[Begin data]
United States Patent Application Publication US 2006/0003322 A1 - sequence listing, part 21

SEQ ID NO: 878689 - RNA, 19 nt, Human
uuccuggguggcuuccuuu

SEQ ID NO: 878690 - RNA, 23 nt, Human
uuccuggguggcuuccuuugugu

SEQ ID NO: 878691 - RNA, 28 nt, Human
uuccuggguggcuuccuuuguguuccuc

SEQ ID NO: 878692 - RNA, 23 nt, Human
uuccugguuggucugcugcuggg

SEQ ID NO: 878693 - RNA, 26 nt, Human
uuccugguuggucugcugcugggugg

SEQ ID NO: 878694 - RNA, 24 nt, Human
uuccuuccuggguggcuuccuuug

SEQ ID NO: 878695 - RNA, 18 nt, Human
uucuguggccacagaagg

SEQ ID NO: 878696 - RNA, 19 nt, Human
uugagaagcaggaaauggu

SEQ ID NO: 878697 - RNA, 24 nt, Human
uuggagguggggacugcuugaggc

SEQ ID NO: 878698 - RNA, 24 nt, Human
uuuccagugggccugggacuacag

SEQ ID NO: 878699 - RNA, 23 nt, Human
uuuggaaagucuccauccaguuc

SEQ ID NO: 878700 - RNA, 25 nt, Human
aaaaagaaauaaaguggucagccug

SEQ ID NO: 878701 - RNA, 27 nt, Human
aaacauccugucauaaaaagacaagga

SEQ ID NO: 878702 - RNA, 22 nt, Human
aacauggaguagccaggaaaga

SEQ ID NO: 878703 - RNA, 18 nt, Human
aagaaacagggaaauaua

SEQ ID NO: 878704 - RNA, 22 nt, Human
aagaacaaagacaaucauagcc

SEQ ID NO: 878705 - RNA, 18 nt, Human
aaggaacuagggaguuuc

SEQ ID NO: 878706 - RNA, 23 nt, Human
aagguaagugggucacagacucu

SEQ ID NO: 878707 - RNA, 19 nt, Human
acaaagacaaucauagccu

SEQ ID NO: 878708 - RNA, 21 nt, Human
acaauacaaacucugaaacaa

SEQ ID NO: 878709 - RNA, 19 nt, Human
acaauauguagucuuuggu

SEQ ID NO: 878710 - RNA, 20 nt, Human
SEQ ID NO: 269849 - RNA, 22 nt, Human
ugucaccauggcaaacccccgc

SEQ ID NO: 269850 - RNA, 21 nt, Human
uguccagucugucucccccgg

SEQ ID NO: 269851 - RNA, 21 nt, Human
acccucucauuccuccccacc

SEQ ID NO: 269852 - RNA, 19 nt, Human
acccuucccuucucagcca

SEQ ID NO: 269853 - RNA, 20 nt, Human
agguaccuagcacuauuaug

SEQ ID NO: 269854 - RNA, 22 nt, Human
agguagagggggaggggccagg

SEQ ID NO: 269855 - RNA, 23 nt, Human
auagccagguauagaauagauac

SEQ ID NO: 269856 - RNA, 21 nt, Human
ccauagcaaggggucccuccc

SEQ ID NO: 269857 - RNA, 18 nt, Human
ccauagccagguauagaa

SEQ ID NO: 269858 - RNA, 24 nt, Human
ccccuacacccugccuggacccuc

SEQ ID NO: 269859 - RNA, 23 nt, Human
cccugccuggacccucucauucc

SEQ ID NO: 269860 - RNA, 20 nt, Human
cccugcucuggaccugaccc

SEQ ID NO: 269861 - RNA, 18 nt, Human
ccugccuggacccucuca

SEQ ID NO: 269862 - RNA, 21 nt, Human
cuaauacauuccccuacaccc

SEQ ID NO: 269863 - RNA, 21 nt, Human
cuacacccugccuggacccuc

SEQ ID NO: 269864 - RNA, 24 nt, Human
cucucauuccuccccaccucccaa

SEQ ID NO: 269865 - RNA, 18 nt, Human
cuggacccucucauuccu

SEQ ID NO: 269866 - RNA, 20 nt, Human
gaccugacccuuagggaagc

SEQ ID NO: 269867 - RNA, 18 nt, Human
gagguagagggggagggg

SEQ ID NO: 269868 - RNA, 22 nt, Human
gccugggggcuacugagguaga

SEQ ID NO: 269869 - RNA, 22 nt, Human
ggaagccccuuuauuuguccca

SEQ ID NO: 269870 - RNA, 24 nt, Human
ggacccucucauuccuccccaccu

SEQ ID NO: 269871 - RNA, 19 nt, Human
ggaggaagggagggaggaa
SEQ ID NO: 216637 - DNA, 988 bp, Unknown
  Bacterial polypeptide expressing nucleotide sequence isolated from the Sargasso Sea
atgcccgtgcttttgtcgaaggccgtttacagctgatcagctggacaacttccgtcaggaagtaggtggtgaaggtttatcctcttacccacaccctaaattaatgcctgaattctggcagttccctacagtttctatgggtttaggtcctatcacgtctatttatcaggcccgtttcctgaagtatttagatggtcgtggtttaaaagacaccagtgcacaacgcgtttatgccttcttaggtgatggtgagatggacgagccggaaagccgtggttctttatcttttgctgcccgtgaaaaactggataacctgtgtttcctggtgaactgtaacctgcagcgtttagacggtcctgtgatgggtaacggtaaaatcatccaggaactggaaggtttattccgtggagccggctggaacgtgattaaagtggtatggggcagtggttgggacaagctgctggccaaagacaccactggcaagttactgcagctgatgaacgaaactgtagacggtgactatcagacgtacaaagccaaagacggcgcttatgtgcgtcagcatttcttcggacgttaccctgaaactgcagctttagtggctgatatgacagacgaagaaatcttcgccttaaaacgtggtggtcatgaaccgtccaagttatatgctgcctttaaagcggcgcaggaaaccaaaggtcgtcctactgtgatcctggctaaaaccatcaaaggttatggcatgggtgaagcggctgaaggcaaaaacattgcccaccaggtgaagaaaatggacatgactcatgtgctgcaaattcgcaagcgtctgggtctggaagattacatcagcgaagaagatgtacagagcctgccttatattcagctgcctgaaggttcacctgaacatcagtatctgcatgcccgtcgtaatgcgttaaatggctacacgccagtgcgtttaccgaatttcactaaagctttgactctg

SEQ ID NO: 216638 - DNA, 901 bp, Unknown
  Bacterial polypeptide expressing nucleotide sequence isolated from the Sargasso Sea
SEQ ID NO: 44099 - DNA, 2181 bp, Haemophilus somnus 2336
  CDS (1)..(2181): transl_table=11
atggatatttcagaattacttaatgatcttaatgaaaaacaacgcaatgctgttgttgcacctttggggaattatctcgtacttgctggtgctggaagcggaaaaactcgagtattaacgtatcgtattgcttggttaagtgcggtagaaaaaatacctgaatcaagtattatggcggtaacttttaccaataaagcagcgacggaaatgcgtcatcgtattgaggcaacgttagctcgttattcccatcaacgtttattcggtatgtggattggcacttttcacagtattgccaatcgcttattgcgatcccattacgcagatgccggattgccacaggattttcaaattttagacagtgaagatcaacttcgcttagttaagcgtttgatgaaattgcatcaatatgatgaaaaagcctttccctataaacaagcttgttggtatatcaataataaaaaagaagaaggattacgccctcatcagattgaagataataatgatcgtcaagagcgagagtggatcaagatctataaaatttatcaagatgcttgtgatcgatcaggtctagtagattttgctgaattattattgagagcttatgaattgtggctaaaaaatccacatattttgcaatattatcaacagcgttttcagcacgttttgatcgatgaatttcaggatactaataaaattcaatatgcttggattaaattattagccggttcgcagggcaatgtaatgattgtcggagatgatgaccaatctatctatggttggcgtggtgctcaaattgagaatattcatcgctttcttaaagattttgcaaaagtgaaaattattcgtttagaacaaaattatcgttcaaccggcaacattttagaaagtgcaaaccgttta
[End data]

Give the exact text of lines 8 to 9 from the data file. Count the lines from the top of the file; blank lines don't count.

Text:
SEQ ID NO: 878692 - RNA, 23 nt, Human
uuccugguuggucugcugcuggg